Dr Tracey Devonport Institute of Sport, Reader in Sport and Exercise Psychology
‘I started my career in 1995 working as a Sport Science lecturer at Darlington College of Technology. Following spells as a sport scientist with England Netball and lecturing at Coventry University, I started working at the University of Wolverhampton as a Senior Lecturer in Sport and Exercise Psychology in 2001. At this point in my career, my priority was gaining accreditation as an applied sport and exercise psychologist, I had no research aspirations or outputs to speak of. However, I quickly developed an enthusiasm for research partly because of the informal mentoring of Professor Andy Lane. Such mentoring provided a belief that I could cut it as a researcher and the opportunity to do so. My key research achievements to date include 47 papers published in peer reviewed academic journals, 3 books, 13 book chapters, and 10 professional papers. In 2015 I was honoured to be made a fellow of the British Association of Sport and Exercise Science (BASES) for my contributions and commitment to BASES and sport and exercise sciences.
So, what happened in the 15 years since my appointment at the University of Wolverhampton to facilitate my career development? Most importantly, I have felt well supported to pursue my career aspirations, and feel fortunate to be working in a highly collegiate environment. I have received two short, but highly instrumental sabbaticals. The first in 2006 to finish off my PhD and the second in 2009 to write a book and prepare research bids. I also received University funding in 2008 from the Early Researcher Award Scheme to undertake research exploring dyadic coping among PhD students and partners. In 2012 I applied for and was awarded the title of Reader in Applied Sport and Exercise Psychology allowing me to focus on research and support others in pursuing their own research aspirations. I was submitted to the Research Excellence Framework in 2014 with positive outcomes for unit of assessment 26. In 2015 I became the Athena SWAN champion for the Institute of Sport enabling me to lead and develop initiatives intended to support equality of career development opportunities.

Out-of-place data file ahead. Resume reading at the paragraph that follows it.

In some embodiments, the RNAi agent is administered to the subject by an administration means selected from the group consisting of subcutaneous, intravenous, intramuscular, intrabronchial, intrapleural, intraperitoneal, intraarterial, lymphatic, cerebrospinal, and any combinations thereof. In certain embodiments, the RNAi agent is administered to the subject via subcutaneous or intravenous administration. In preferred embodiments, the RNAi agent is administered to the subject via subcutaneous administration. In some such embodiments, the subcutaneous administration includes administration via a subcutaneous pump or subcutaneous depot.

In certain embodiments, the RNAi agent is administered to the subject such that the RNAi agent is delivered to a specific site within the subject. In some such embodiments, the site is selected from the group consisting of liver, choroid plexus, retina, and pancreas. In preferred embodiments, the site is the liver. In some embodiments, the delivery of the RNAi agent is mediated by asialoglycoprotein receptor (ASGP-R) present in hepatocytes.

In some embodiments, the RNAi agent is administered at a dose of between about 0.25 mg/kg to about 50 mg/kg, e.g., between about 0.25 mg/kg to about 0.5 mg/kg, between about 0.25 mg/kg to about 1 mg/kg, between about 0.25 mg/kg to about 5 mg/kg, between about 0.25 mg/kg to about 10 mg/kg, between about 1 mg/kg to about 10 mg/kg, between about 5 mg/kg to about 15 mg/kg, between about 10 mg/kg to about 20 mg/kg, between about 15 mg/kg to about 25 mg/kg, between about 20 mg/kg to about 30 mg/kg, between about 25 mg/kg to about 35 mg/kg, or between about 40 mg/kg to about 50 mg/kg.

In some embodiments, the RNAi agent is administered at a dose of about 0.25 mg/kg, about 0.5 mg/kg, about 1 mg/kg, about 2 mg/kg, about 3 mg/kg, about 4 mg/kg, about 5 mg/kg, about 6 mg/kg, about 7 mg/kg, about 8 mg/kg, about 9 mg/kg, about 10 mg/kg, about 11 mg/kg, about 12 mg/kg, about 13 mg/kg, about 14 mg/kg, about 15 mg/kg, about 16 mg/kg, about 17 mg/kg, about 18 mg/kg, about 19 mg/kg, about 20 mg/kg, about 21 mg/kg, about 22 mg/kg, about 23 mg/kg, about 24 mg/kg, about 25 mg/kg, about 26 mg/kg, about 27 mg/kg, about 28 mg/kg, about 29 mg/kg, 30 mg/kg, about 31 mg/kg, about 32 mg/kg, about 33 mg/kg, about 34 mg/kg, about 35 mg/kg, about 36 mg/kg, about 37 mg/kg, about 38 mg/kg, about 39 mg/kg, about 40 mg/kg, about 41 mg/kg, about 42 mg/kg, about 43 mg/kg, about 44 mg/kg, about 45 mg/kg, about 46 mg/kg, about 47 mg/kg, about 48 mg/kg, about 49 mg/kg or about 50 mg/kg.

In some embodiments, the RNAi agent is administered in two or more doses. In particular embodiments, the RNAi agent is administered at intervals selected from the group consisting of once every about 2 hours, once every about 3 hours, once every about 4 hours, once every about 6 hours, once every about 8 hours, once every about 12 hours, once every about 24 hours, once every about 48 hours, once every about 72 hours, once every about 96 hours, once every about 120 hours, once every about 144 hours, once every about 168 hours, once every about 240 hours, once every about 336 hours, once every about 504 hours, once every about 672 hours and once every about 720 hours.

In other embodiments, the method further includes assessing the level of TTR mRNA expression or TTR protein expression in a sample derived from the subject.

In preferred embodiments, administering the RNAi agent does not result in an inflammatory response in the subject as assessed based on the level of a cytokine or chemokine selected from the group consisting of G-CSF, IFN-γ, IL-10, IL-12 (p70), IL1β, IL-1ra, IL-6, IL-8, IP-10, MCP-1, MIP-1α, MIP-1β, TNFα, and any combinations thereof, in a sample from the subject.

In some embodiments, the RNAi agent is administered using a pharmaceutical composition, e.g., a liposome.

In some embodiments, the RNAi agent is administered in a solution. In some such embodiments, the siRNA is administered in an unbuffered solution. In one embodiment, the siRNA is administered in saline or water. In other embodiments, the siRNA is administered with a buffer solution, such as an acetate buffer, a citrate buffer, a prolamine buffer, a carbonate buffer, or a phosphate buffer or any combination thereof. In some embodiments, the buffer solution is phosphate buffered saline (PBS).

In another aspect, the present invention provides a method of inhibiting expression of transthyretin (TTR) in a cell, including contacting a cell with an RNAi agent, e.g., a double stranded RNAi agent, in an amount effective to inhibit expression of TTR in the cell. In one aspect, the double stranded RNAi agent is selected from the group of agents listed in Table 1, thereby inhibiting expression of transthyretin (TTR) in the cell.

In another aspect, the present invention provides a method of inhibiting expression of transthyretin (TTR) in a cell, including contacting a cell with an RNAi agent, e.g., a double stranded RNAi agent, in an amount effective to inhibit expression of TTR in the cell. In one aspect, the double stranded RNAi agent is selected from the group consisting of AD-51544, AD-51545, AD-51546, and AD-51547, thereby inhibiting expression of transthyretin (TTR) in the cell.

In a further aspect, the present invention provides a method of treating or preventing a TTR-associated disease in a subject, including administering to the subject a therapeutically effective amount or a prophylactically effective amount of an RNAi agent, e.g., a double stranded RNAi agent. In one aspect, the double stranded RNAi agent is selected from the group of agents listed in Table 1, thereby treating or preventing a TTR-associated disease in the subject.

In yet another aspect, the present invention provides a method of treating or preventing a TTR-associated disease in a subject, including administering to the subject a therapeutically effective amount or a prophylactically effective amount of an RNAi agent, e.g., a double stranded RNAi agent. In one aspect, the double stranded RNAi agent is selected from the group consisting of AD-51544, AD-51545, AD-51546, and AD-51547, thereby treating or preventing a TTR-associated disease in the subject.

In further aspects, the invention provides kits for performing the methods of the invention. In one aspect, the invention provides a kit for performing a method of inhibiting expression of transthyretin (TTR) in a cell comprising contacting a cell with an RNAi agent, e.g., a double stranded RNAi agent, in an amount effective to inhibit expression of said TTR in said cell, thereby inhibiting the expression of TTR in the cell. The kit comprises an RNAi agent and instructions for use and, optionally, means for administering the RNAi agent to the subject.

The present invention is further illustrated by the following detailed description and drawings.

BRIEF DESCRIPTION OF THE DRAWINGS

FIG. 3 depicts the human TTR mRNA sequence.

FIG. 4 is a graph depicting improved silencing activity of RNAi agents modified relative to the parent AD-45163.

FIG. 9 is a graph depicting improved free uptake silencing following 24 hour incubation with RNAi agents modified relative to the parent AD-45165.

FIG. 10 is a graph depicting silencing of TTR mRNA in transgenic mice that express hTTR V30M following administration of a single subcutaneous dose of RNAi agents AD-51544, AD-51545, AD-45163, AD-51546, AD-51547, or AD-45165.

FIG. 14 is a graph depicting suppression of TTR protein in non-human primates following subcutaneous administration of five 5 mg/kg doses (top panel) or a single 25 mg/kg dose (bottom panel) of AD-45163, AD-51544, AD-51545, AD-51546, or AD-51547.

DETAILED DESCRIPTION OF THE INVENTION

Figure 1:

In my personal life, in 2010 I became a mother for the first time and again in 2012. This has been the most rewarding and transformative experience of my life. A second transformative event was the passing of my mother from a short and devastating illness in 2013. The University allowed me to work flexibly so that along with my father I could provide home care for my mother during her final months. As my parents live in North Yorkshire this was a most welcomed concession from the University, and demonstrated an investment in people that I cannot imagine finding in many other places of work or vocations.
Taking opportunities for flexible working with children and whilst caring for my mother has allowed me to continue my career development and support the University research strategy. Indeed 29 of my 46 peer reviewed outputs have been published since having my first and then second child, and whilst caring for my mother and coming to terms with her loss. A flexible attitude towards working allows me to work full time whilst concurrently meeting all the (lovely) demands that young children present. Maintaining a personal life and hobbies are vital for my well-being. In 2014, in memory of my mother I cycled from Lands’ End to John O’Groats raising over £5,000 for the hospice that helped care for her.
In summary, my advice for anyone looking to further their career is to keep the four F’s in order. Fun working, Focussed working, Flexible working and Family focus (making time for each other).’